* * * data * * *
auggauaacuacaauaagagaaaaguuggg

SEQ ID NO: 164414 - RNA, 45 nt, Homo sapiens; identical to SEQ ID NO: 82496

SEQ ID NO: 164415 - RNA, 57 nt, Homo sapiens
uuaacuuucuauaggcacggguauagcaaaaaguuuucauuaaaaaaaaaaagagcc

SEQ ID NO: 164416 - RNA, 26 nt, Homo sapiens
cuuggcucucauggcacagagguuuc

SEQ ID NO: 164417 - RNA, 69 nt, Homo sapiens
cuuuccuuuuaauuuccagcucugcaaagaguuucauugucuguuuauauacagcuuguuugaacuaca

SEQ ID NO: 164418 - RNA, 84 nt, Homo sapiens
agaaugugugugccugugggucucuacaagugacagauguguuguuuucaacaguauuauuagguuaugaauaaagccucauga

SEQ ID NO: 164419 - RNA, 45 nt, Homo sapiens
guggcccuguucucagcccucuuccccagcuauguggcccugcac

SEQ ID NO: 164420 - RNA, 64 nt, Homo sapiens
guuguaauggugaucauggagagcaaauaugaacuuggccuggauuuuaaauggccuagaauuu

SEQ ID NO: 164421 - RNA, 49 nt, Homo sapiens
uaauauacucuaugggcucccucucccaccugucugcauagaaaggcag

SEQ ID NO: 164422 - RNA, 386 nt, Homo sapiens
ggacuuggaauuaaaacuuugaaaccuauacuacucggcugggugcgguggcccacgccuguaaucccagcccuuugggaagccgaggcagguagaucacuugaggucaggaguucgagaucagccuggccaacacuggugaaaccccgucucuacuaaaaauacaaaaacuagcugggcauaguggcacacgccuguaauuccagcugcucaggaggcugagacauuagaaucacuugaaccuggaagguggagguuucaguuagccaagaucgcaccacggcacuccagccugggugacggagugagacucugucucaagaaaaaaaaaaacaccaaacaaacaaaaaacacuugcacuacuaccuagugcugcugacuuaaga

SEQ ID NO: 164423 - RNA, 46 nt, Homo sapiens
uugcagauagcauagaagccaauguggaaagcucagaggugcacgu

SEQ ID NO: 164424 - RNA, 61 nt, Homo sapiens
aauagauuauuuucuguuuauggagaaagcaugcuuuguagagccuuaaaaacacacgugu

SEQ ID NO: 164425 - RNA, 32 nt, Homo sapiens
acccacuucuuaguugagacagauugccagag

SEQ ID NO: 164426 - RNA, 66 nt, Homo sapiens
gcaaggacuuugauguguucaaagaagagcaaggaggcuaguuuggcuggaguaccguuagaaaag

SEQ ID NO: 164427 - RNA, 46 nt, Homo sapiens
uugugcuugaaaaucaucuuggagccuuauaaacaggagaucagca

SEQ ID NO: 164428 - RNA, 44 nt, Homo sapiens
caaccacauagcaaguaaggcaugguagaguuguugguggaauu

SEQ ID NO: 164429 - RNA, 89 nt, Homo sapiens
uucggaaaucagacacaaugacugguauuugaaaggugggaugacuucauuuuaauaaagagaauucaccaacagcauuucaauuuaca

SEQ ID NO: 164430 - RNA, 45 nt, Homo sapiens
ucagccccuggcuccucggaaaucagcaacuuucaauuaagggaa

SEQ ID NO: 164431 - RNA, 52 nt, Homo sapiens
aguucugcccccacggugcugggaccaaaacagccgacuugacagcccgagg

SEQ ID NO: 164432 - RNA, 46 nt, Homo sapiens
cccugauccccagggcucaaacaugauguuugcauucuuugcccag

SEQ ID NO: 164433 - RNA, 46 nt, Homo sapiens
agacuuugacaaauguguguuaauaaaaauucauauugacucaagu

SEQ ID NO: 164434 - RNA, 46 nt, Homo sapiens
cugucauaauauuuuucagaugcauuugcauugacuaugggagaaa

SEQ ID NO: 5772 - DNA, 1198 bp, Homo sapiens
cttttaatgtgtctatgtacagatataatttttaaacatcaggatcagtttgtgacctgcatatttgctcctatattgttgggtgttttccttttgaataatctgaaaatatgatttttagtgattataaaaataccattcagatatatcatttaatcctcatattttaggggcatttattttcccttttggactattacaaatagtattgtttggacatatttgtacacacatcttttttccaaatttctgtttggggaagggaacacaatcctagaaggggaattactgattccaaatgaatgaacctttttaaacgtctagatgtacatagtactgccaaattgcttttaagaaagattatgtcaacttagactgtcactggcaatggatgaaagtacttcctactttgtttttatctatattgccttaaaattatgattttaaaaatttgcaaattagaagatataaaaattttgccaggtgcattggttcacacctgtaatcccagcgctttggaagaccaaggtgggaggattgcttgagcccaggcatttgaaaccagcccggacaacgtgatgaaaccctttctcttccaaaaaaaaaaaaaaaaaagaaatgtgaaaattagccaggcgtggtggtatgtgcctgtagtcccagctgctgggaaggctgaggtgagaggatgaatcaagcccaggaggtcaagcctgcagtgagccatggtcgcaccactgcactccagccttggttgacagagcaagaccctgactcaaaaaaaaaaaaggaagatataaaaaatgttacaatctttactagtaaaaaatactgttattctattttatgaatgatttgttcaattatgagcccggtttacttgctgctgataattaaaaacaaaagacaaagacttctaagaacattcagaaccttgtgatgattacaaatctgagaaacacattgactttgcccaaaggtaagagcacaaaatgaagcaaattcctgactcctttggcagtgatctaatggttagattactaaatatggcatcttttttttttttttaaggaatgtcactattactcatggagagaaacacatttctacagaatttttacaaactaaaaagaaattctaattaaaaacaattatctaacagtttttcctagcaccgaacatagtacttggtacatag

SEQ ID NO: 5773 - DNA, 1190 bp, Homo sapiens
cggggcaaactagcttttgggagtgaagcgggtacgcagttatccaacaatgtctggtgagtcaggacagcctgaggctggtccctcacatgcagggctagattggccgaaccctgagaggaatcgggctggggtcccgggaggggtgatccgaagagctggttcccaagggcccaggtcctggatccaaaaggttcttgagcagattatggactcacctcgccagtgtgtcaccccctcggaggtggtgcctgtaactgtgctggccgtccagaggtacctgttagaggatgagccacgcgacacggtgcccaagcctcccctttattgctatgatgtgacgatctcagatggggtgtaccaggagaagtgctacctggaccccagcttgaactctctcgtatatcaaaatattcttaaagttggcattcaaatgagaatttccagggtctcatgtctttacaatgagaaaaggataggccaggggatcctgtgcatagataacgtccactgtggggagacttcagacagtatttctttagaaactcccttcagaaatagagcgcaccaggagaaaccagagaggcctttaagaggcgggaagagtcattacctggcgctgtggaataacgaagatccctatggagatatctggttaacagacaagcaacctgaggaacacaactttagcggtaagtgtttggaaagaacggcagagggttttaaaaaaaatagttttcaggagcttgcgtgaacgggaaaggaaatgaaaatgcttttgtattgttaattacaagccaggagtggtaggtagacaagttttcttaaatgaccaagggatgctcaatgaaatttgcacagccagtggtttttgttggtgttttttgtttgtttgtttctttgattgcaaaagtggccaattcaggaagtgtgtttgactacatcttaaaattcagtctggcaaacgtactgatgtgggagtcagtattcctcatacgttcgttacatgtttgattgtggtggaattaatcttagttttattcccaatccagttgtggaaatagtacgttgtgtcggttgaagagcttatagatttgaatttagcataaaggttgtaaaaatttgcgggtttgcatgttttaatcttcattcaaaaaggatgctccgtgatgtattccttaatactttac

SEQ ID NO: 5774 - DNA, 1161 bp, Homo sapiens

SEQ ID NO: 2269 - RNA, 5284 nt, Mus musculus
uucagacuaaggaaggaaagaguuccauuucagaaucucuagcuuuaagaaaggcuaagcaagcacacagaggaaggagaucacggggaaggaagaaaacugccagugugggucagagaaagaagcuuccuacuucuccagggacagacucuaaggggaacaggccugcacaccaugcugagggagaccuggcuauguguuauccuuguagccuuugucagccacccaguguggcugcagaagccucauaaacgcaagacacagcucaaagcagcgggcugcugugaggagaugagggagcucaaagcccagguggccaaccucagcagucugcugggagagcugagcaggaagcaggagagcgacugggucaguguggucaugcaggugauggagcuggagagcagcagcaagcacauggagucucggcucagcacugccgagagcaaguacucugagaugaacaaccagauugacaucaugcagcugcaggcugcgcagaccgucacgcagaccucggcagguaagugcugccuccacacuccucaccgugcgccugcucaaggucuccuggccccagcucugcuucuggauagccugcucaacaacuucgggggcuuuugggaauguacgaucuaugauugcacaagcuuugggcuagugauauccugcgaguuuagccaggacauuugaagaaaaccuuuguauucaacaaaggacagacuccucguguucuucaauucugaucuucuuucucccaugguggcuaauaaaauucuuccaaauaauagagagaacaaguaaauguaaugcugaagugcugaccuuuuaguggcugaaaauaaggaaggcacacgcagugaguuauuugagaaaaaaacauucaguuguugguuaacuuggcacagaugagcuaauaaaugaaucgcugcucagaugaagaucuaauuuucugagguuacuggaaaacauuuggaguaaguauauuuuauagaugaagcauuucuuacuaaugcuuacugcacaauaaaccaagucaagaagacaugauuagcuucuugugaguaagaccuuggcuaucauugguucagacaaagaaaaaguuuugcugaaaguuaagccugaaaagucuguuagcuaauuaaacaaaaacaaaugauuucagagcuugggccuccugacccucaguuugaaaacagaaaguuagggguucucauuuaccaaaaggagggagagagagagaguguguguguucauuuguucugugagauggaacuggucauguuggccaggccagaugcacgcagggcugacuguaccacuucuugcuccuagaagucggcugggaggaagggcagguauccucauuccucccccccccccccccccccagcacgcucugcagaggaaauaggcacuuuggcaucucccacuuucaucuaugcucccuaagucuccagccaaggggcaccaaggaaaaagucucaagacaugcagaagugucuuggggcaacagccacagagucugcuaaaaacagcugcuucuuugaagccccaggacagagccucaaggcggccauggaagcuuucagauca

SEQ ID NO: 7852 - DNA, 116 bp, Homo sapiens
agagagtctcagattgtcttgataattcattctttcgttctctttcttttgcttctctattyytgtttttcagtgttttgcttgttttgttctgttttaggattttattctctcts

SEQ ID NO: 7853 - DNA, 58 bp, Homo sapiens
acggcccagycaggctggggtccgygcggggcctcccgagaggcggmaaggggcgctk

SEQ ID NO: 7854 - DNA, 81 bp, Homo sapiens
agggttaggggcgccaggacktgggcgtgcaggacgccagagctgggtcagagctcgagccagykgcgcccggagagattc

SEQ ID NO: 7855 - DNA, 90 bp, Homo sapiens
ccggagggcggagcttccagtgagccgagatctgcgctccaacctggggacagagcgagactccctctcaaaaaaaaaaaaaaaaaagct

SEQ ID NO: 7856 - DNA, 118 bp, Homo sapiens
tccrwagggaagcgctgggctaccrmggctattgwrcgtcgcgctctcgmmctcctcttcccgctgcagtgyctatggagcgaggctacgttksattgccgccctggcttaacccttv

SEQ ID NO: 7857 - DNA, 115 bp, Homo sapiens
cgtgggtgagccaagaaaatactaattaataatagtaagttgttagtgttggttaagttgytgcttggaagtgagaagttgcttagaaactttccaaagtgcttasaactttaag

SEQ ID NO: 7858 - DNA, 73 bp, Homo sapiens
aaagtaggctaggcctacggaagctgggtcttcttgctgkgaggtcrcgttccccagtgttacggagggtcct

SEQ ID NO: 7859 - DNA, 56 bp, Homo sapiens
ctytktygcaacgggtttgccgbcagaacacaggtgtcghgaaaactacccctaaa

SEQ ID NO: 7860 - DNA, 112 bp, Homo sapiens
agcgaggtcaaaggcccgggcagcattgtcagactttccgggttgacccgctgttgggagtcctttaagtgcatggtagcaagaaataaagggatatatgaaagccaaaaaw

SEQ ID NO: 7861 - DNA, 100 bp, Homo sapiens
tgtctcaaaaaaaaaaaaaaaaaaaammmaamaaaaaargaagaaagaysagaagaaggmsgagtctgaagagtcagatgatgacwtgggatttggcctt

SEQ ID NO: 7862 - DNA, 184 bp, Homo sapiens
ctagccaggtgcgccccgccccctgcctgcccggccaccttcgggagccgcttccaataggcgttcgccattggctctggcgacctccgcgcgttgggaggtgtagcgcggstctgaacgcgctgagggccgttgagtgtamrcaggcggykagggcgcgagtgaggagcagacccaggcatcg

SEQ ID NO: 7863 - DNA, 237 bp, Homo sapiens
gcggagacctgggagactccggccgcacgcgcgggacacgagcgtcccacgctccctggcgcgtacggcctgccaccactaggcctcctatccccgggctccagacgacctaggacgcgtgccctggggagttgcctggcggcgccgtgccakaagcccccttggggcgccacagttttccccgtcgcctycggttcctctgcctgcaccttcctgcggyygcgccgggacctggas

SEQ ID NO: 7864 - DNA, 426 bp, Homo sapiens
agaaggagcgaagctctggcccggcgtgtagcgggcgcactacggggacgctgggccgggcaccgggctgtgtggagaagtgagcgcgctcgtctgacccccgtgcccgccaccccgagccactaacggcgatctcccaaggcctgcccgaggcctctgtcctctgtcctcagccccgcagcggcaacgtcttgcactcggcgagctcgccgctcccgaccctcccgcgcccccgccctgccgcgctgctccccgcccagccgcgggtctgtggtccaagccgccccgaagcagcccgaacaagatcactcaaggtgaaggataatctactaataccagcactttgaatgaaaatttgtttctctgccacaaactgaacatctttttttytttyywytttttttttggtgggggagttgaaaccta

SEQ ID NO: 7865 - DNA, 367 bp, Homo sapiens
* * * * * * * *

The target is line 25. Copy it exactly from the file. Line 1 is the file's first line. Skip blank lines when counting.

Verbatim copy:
SEQ ID NO: 164426 - RNA, 66 nt, Homo sapiens